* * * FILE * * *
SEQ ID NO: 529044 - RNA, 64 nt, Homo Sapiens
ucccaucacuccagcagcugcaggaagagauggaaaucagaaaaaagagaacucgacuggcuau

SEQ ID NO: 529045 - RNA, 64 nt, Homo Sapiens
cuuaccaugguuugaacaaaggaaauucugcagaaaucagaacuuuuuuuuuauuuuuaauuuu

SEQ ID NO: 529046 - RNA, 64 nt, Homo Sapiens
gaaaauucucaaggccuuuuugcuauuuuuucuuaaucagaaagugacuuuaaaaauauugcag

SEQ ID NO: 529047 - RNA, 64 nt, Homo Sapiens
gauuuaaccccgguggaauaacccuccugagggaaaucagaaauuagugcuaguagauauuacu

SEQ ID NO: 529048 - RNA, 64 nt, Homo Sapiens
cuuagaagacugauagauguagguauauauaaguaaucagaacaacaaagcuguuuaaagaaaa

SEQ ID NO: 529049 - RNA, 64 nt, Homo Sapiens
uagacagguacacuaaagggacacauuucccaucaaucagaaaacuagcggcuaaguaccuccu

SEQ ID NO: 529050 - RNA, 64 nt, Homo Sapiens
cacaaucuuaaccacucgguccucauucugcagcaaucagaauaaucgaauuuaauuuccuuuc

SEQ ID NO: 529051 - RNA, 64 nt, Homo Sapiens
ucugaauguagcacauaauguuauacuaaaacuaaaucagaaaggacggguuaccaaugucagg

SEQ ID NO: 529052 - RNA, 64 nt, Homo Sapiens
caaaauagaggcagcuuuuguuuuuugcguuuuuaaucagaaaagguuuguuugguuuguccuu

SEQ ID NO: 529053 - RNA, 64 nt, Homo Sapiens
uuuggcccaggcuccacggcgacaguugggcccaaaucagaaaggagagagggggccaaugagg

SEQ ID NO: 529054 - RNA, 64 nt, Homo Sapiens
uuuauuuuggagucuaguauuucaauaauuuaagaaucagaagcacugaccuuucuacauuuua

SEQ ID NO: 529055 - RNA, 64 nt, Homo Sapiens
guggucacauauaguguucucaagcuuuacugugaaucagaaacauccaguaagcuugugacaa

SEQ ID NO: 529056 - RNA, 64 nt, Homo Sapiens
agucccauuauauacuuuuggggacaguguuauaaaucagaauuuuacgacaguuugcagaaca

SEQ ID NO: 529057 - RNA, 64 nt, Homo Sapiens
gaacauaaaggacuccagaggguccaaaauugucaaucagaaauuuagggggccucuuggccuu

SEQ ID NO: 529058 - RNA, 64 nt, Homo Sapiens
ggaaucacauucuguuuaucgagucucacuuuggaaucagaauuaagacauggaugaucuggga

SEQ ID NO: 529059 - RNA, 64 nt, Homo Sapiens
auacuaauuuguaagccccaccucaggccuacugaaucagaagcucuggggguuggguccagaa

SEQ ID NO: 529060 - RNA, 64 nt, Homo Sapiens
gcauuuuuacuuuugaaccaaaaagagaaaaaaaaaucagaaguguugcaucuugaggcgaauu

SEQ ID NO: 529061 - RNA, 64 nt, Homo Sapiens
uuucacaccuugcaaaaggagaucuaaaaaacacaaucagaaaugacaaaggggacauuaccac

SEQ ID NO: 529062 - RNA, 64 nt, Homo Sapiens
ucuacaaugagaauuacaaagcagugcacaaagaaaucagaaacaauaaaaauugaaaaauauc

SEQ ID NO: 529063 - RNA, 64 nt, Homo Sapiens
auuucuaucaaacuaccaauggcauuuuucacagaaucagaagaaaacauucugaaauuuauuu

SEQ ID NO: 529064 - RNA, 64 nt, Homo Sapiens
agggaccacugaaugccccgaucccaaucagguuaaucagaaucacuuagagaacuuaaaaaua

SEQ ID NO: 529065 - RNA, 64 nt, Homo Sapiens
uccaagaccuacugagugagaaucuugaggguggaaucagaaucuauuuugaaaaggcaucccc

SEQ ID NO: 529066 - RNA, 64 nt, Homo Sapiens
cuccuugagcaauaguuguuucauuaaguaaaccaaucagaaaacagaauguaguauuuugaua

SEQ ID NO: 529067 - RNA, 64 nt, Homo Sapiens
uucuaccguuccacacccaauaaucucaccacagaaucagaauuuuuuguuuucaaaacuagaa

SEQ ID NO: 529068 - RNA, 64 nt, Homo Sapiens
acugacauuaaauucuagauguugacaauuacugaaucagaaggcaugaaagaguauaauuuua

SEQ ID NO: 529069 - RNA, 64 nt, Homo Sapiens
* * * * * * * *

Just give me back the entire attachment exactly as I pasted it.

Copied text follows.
SEQ ID NO: 529044 - RNA, 64 nt, Homo Sapiens
ucccaucacuccagcagcugcaggaagagauggaaaucagaaaaaagagaacucgacuggcuau

SEQ ID NO: 529045 - RNA, 64 nt, Homo Sapiens
cuuaccaugguuugaacaaaggaaauucugcagaaaucagaacuuuuuuuuuauuuuuaauuuu

SEQ ID NO: 529046 - RNA, 64 nt, Homo Sapiens
gaaaauucucaaggccuuuuugcuauuuuuucuuaaucagaaagugacuuuaaaaauauugcag

SEQ ID NO: 529047 - RNA, 64 nt, Homo Sapiens
gauuuaaccccgguggaauaacccuccugagggaaaucagaaauuagugcuaguagauauuacu

SEQ ID NO: 529048 - RNA, 64 nt, Homo Sapiens
cuuagaagacugauagauguagguauauauaaguaaucagaacaacaaagcuguuuaaagaaaa

SEQ ID NO: 529049 - RNA, 64 nt, Homo Sapiens
uagacagguacacuaaagggacacauuucccaucaaucagaaaacuagcggcuaaguaccuccu

SEQ ID NO: 529050 - RNA, 64 nt, Homo Sapiens
cacaaucuuaaccacucgguccucauucugcagcaaucagaauaaucgaauuuaauuuccuuuc

SEQ ID NO: 529051 - RNA, 64 nt, Homo Sapiens
ucugaauguagcacauaauguuauacuaaaacuaaaucagaaaggacggguuaccaaugucagg

SEQ ID NO: 529052 - RNA, 64 nt, Homo Sapiens
caaaauagaggcagcuuuuguuuuuugcguuuuuaaucagaaaagguuuguuugguuuguccuu

SEQ ID NO: 529053 - RNA, 64 nt, Homo Sapiens
uuuggcccaggcuccacggcgacaguugggcccaaaucagaaaggagagagggggccaaugagg

SEQ ID NO: 529054 - RNA, 64 nt, Homo Sapiens
uuuauuuuggagucuaguauuucaauaauuuaagaaucagaagcacugaccuuucuacauuuua

SEQ ID NO: 529055 - RNA, 64 nt, Homo Sapiens
guggucacauauaguguucucaagcuuuacugugaaucagaaacauccaguaagcuugugacaa

SEQ ID NO: 529056 - RNA, 64 nt, Homo Sapiens
agucccauuauauacuuuuggggacaguguuauaaaucagaauuuuacgacaguuugcagaaca

SEQ ID NO: 529057 - RNA, 64 nt, Homo Sapiens
gaacauaaaggacuccagaggguccaaaauugucaaucagaaauuuagggggccucuuggccuu

SEQ ID NO: 529058 - RNA, 64 nt, Homo Sapiens
ggaaucacauucuguuuaucgagucucacuuuggaaucagaauuaagacauggaugaucuggga

SEQ ID NO: 529059 - RNA, 64 nt, Homo Sapiens
auacuaauuuguaagccccaccucaggccuacugaaucagaagcucuggggguuggguccagaa

SEQ ID NO: 529060 - RNA, 64 nt, Homo Sapiens
gcauuuuuacuuuugaaccaaaaagagaaaaaaaaaucagaaguguugcaucuugaggcgaauu

SEQ ID NO: 529061 - RNA, 64 nt, Homo Sapiens
uuucacaccuugcaaaaggagaucuaaaaaacacaaucagaaaugacaaaggggacauuaccac

SEQ ID NO: 529062 - RNA, 64 nt, Homo Sapiens
ucuacaaugagaauuacaaagcagugcacaaagaaaucagaaacaauaaaaauugaaaaauauc

SEQ ID NO: 529063 - RNA, 64 nt, Homo Sapiens
auuucuaucaaacuaccaauggcauuuuucacagaaucagaagaaaacauucugaaauuuauuu

SEQ ID NO: 529064 - RNA, 64 nt, Homo Sapiens
agggaccacugaaugccccgaucccaaucagguuaaucagaaucacuuagagaacuuaaaaaua

SEQ ID NO: 529065 - RNA, 64 nt, Homo Sapiens
uccaagaccuacugagugagaaucuugaggguggaaucagaaucuauuuugaaaaggcaucccc

SEQ ID NO: 529066 - RNA, 64 nt, Homo Sapiens
cuccuugagcaauaguuguuucauuaaguaaaccaaucagaaaacagaauguaguauuuugaua

SEQ ID NO: 529067 - RNA, 64 nt, Homo Sapiens
uucuaccguuccacacccaauaaucucaccacagaaucagaauuuuuuguuuucaaaacuagaa

SEQ ID NO: 529068 - RNA, 64 nt, Homo Sapiens
acugacauuaaauucuagauguugacaauuacugaaucagaaggcaugaaagaguauaauuuua

SEQ ID NO: 529069 - RNA, 64 nt, Homo Sapiens